Nonconvulsive seizures in patients presenting with altered mental status: an evidence-based review.
ABSTRACT Definitive diagnosis of nonconvulsive seizures (NCS) can be made only by electroencephalography, and delay in diagnosis can increase morbidity, resource utilization, and length of hospitalization. We performed an evidence-based literature review to estimate the prevalence of NCS in patients with altered mental status (AMS) of unknown cause. PUBMED, EMBASE, the Cochrane Library, and other resources were searched for studies that included AMS and seizure as topics. The resulting 276 articles were screened for predetermined inclusion and exclusion criteria, leaving 5 studies enrolling 478 patients for review. The prevalence of NCS in patients with AMS ranged from 8 to 30% (overall prevalence of 21.5%, 95% CI: 18-25%), suggesting that the prevalence of NCS is sufficiently high to consider routine use of urgent electroencephalography in such patients. However, methodological weaknesses limit the generalizability of the results. A large, prospective study enrolling and screening for NCS in all patients who present with acute AMS is needed.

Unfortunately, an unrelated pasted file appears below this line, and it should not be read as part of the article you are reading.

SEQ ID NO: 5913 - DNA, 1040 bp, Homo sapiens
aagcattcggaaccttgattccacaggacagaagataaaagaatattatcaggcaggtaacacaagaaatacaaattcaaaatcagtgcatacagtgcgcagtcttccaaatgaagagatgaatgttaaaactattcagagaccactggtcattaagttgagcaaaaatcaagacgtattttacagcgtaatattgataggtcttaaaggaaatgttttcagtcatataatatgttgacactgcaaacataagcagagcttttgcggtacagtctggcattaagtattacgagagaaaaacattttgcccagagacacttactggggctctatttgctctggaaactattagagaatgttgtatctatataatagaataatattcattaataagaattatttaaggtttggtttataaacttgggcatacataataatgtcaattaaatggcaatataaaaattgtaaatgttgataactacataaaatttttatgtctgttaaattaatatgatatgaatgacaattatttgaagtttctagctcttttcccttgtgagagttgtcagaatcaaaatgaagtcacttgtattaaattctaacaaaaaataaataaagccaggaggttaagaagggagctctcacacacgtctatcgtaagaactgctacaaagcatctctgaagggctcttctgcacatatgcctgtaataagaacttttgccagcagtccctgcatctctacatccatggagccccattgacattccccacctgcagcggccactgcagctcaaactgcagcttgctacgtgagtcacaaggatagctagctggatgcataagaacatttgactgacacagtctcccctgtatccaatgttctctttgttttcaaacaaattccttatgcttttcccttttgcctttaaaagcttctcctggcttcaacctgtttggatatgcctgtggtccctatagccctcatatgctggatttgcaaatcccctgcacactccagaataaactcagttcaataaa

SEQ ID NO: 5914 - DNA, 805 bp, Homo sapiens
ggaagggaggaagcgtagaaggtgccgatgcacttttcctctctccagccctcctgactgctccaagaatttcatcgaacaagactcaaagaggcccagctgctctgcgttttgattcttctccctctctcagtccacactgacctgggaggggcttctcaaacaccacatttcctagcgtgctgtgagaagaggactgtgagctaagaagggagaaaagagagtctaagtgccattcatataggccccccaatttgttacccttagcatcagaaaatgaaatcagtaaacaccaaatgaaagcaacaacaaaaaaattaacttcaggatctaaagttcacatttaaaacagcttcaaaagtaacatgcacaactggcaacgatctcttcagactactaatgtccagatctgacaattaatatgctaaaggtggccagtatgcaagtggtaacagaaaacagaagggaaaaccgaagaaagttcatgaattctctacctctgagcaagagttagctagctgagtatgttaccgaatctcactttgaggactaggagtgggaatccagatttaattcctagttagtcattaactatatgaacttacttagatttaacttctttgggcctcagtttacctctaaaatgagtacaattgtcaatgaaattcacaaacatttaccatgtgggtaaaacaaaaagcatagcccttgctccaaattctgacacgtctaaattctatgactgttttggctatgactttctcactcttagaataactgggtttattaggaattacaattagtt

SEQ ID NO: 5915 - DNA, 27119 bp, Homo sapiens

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ABSTRACT: Patients with seizure disorders are common in the emergency department (ED), yet little is known regarding the management of these patients. This study was performed to define the frequency of patients with seizure disorders in the ED patient population and to determine possible seizure etiologies, characteristics of diagnostic activities, treatments, and dispositions. Twelve EDs monitored all patients with a chief complaint related to seizure disorders presenting over 18.25 days (5% of the calendar year) in late 1997. Retrospective chart review was used to gather specific data regarding these consecutive cases. Of the 31,508 patients who presented to these 12 EDs during the study period, 368 (1.2%) had complaints related to seizures. Three hundred sixty-two charts were available for analysis and make up the study population. Two hundred fifty-seven (71%) utilized emergency medical services (EMS) for transport and care. Advanced care, including intravenous access, laboratory work, cardiac monitoring, or oxygen administration, was utilized in 304 (84%) patients. Antiepileptic drugs were given in 199 (55%) patients. Ethanol withdrawal or low antiepileptic drug levels were implicated as contributing factors in 177 (49%) of patients. New-onset seizures were thought to be present in 94 (26%) patients. Status epilepticus occurred in only 21 (6%) patients. Ninety-eight (27%) of all patients were admitted to the hospital. Patients with presenting complaints related to seizures are frequent in the ED population and make considerable demands on EMS and ED resources. Six percent of patients with seizure-related presentations were in status epilepticus and more than a fourth of all patients required hospitalization.Academic Emergency Medicine 07/2001; 8(6):622-8. · 1.86 Impact Factor